COLUMBIA — Santo Noce, 25, remembers his childhood growing up on 75 acres of woodland in Ashland’s rolling hills as a time of infinite freedom.
His parents, Sharon Kilfoyle and Peter Noce, were both artists, and the world in and outside their home was always seen as ripe for exploration. Whatever his interests were, Noce says, “They made it pretty easy for me. There weren’t really any limitations or things that were seen as not OK. Whatever I wanted to do, they supported me.”
What he wanted to do was to travel and to make art. From a young age he began playing music, as well as learning techniques in fabric arts, painting and sculpture from his parents. A large community of friends extended the reach of available instructors to learn from.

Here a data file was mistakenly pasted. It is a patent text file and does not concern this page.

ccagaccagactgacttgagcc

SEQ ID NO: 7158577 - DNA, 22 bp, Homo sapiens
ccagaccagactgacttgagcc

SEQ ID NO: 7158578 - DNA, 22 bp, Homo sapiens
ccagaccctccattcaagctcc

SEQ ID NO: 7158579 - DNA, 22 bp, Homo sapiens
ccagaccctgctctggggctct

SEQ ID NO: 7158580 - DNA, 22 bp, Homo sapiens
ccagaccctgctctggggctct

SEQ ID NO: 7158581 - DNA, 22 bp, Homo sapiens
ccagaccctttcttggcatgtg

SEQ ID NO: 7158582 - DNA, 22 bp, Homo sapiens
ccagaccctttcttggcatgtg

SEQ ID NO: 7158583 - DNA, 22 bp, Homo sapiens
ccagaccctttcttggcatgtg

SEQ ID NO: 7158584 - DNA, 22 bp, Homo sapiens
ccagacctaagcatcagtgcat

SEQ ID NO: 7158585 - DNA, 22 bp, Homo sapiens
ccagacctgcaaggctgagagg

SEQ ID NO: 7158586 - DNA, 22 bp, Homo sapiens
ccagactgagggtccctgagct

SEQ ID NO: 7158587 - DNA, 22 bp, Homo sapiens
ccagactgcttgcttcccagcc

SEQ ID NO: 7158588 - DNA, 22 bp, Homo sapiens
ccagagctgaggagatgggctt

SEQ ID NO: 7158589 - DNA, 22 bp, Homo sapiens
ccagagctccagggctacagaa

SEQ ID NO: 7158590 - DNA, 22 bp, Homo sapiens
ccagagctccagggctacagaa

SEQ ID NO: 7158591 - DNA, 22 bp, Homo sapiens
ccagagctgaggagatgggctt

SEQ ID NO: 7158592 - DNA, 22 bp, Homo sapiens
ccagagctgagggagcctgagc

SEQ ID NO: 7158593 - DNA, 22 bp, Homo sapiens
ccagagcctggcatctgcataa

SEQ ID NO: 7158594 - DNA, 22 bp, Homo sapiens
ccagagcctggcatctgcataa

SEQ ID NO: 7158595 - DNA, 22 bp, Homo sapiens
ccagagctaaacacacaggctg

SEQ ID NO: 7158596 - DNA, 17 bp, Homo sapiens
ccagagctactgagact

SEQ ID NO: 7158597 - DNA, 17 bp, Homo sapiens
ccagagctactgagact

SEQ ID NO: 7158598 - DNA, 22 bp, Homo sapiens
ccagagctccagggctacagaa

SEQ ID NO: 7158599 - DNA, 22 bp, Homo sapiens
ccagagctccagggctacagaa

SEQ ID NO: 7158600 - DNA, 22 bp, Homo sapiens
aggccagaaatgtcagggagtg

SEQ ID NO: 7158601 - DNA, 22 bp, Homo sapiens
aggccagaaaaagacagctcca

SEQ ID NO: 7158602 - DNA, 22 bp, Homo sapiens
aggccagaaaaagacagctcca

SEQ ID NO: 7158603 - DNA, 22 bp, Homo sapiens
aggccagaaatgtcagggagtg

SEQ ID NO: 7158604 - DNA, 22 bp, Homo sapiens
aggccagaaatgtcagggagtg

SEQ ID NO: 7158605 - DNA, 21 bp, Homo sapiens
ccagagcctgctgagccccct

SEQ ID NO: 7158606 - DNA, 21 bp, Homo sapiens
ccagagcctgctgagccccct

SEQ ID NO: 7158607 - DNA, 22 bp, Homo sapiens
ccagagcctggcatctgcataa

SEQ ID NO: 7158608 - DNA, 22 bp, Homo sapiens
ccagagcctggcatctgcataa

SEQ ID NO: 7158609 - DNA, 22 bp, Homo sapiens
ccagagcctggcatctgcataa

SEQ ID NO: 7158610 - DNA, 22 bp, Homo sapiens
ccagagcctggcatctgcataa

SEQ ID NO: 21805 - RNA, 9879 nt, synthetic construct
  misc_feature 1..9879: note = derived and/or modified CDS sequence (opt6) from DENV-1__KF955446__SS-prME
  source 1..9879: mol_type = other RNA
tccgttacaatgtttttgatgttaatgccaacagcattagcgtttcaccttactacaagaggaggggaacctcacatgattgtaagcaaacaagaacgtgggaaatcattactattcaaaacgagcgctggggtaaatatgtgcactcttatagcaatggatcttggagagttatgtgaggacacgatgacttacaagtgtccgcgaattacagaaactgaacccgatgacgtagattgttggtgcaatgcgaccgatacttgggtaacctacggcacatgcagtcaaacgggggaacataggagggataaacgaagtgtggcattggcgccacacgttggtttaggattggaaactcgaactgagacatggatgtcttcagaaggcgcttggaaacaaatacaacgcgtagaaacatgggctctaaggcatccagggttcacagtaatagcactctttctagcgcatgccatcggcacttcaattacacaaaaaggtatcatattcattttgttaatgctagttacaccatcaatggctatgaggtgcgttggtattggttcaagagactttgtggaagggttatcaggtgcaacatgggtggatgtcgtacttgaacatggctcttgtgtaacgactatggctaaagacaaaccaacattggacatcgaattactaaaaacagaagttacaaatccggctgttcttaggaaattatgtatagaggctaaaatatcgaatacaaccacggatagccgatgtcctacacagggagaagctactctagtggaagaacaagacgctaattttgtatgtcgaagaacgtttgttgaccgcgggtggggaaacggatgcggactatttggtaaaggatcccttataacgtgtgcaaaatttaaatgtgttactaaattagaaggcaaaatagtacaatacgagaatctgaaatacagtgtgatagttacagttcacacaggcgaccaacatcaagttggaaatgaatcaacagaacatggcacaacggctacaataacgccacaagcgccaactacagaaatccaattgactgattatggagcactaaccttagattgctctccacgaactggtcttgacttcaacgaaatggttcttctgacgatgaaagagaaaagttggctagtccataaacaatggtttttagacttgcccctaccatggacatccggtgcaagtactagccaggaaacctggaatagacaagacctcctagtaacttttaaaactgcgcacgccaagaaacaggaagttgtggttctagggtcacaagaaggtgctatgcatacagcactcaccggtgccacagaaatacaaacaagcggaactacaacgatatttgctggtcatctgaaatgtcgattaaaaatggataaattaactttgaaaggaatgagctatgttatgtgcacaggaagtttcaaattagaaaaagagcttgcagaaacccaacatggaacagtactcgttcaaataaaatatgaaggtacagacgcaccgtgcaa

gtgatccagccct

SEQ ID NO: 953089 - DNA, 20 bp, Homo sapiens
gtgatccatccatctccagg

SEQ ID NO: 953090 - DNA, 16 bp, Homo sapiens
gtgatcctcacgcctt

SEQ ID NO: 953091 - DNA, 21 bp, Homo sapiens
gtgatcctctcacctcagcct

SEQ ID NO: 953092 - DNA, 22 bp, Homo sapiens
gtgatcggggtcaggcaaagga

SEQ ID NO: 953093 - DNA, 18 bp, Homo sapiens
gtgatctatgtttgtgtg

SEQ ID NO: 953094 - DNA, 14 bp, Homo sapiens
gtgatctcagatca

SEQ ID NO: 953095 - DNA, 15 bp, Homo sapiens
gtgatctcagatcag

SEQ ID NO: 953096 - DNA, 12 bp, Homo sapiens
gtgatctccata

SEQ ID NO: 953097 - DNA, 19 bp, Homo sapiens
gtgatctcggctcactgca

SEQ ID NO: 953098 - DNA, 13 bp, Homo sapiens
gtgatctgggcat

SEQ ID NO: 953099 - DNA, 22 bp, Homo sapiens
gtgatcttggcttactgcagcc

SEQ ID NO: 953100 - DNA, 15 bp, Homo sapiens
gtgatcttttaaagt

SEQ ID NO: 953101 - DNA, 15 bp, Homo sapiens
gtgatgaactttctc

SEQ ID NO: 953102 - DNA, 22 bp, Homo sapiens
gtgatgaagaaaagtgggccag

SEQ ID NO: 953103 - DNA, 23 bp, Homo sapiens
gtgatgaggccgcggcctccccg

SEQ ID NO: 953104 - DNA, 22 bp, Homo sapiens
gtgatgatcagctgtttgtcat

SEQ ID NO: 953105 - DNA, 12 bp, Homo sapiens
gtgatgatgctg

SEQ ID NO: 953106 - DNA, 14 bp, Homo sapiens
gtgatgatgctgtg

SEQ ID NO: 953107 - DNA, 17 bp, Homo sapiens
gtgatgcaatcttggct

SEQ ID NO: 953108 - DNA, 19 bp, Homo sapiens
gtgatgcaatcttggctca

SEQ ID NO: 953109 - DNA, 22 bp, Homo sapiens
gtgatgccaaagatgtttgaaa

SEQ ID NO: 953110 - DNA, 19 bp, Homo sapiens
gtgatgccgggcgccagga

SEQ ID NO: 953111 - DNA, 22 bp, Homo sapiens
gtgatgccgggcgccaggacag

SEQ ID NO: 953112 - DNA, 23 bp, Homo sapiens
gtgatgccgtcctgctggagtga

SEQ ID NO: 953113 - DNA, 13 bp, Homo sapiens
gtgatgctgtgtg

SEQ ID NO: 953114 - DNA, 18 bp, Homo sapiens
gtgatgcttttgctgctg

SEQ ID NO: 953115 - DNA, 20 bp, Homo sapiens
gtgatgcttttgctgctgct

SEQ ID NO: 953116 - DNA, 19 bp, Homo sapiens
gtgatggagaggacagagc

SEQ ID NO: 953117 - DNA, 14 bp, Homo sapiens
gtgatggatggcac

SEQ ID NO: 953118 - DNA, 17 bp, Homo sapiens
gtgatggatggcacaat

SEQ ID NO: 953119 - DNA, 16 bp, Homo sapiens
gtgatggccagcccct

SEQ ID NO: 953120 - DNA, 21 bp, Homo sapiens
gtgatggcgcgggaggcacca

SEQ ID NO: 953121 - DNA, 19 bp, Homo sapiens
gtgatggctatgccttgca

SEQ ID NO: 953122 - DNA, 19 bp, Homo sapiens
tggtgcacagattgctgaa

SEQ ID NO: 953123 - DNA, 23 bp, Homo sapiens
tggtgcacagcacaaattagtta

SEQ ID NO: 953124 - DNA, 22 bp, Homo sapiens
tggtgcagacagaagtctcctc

And so, when he first encountered artists making glass a few years ago on a trip to Tobe, a sculptural ceramic artists’ village in Japan, he found the inspiration that he needed to learn a new craft.
When he returned to the United States he spent time traveling and found a borosilicate kit in California that gave him the necessary tools to make his own glass work. He began reading books and found artists to apprentice with. He converted the barn behind his Columbia house on Barberry Avenue into a studio where he has set up everything he needs to make the small sculptures and jewelry that now provide him the financial means to live his dream of being an artist. Last year, Noce had a show in Japan with his mom, who is a fabric artist. Another show is upcoming, and he hopes to be able to make the trip with his work.
“Just to be able to travel around and make a living off of my art — I feel like I’ve already reached my goal. I feel pretty blessed,” he said.